Liz Truss handed note by Nadhim Zahawi on Queen's health
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The Speaker said the demise of Queen Elizabeth II has transformed the Commons and could lead to lasting change for the better. The 65-year-old Chorley MP watched MPs react with “grief, shock, respect and admiration” as the Queen’s reign ended.
He said: “We’ll never see anything like this again. It’s quite unbelievable, that here we had a country and a Parliament that was very tetchy with each other, very scratchy.
“And suddenly, it’s brought Parliament together, it’s brought the country together, united in grief.”
Sir Lindsay admits that he is still in shock but in the days since her death the eyes of the world have been on Parliament.
MPs from across the political divide have shared their stories of how the Queen touched their lives and thousands of people from throughout Britain have queued for hours to walk past the Queen’s coffin in Westminster Hall and pay their last respects.
He was already braced for a challenging day on Thursday, September 8 before word spread that the Queen was in serious ill-health.
Sir Lindsay was in a “very, very feisty House of Commons” where Liz Truss had unveiled her plans to limit rises in energy bills.
He recalled: “Tempers were rising, and I thought, ‘This is really going to be a tough gig.’”
The arrival in the chamber of Nadhim Zahawi, the Chancellor of the Duchy of Lancaster, signalled that something was up.
“He went to the Prime Minister and whispered to her. Then he came back to me and said, ‘It’s not good… Her Majesty is very ill.’
“To be told that, we knew it was really serious.”
When Buckingham Palace formerly announced that the Queen’s doctors were concerned for health, the Speaker rose to his feet to assure the monarch and the Royal Family that they were in the thoughts and prayers of the entire House.
In an instant, the atmosphere in Westminster was transformed.
He said: “It was a completely different House and it’s been completely different since… That was what was so amazing, it united the House and the anger completely disappeared.”
MPs, like people across the country and the world, waited for further news, fearing the worst.
Sir Lindsay Hoyle gives statement about the Queen
With the House adjourned, the Speaker decided to inspect some building works and put on a hard hat and some workboots. Then his office received a telephone call tip-off with the message “it’s bad news”.
Moments later, Buckingham Palace announced to the country that the Queen had died.
The Speaker released a statement saying she would be missed “beyond measure”. His team raced to prepare for days of ceremony and mourning and politics as normal came to a halt.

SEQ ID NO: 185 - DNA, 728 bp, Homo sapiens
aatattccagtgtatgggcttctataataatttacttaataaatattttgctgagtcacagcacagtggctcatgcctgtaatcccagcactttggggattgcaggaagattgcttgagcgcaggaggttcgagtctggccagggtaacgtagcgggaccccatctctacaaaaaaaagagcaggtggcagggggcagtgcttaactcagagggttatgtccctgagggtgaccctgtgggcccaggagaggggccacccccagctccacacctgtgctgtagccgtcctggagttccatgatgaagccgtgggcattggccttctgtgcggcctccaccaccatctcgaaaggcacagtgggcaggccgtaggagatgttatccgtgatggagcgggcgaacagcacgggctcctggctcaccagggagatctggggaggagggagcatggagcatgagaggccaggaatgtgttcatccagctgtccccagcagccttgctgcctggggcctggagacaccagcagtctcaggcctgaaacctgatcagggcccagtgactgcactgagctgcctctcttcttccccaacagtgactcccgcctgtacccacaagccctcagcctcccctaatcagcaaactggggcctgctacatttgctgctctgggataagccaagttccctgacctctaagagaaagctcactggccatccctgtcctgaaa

Sir Lindsay, who joined the Commons in 1997, said: “It united the House. It’s something I’ve never seen before.”
The Speaker hopes that the response to the death of the Queen will have changed the House of Commons for the better, reminding MPs of all they have in common.
He says he wants a “nicer House of Commons going forward” that is “more pleasant, more respectful, more tolerant” – but not boring.
MPs do not have to agree with one another, he said, but they can always show respect.
Sir Lindsay found himself at the centre of a massive logistical operation following the announcement that the monarch had died. Ceremonial items were taken out of storage and precise details of protocol were scrutinised.
The hardest moment for him came during a rehearsal for the entrance of the Queen’s coffin into Westminster Hall.
They practiced with a bare coffin that was not covered with the Royal Standard. This was the boldest sign that a beloved Queen had truly passed away.
“It really brought it home,” he said. “This is so real.”
On Wednesday, when the Queen’s coffin was brought to Parliament for the lying-in-state, he found a unique beauty in this moment of profound sadness.
He looked up at the sunlight hitting the Elizabeth Tower – which houses Big Ben and was named in her honour to mark her Diamond Jubilee – as the Royal Family gathered to accompany the coffin into the ancient hall.
He said to those around him: “Look at its beauty… She will always be remembered.”
After years of painstaking restoration, the scaffolding which surrounded the Elizabeth Tower was at last gone and the Elizabeth Tower shone in the light.
“Everything had been completed and the sun on that was so radiant,” Sir Lindsay said. “Just like Her Majesty.”
Westminster Hall was founded by the son of William the Conqueror, and in recent days it has been a destination for multitudes who want to show their respects to the Queen.
“What a setting in which Her Majesty can lie in state,” he said. “I cannot think of anywhere better within the United Kingdom… Everything points to here.”.
Tomorrow, he will have a final duty when the coffin is taken from Westminster Hall to Westminster Abbey.
“The Royal family will come for their private time and I will see the coffin leave this House, basically closing the door,” he said.
A priority this week will be allowing MPs to swear their loyalty to the new King. There is no constitutional requirement for this, but the Speaker understands why it is important for many members.
He said: “The fact is people want to show their allegiance, they want to take the oath to the new King, King Charles.”
Sir Lindsay, who ran a textile and screen-printing business before entering full-time politics, speaks with astonishment that he is Speaker at this time in history.
“Did I expect to be doing this? No, absolutely not…
“It’s very moving and I’m very, very lucky.”
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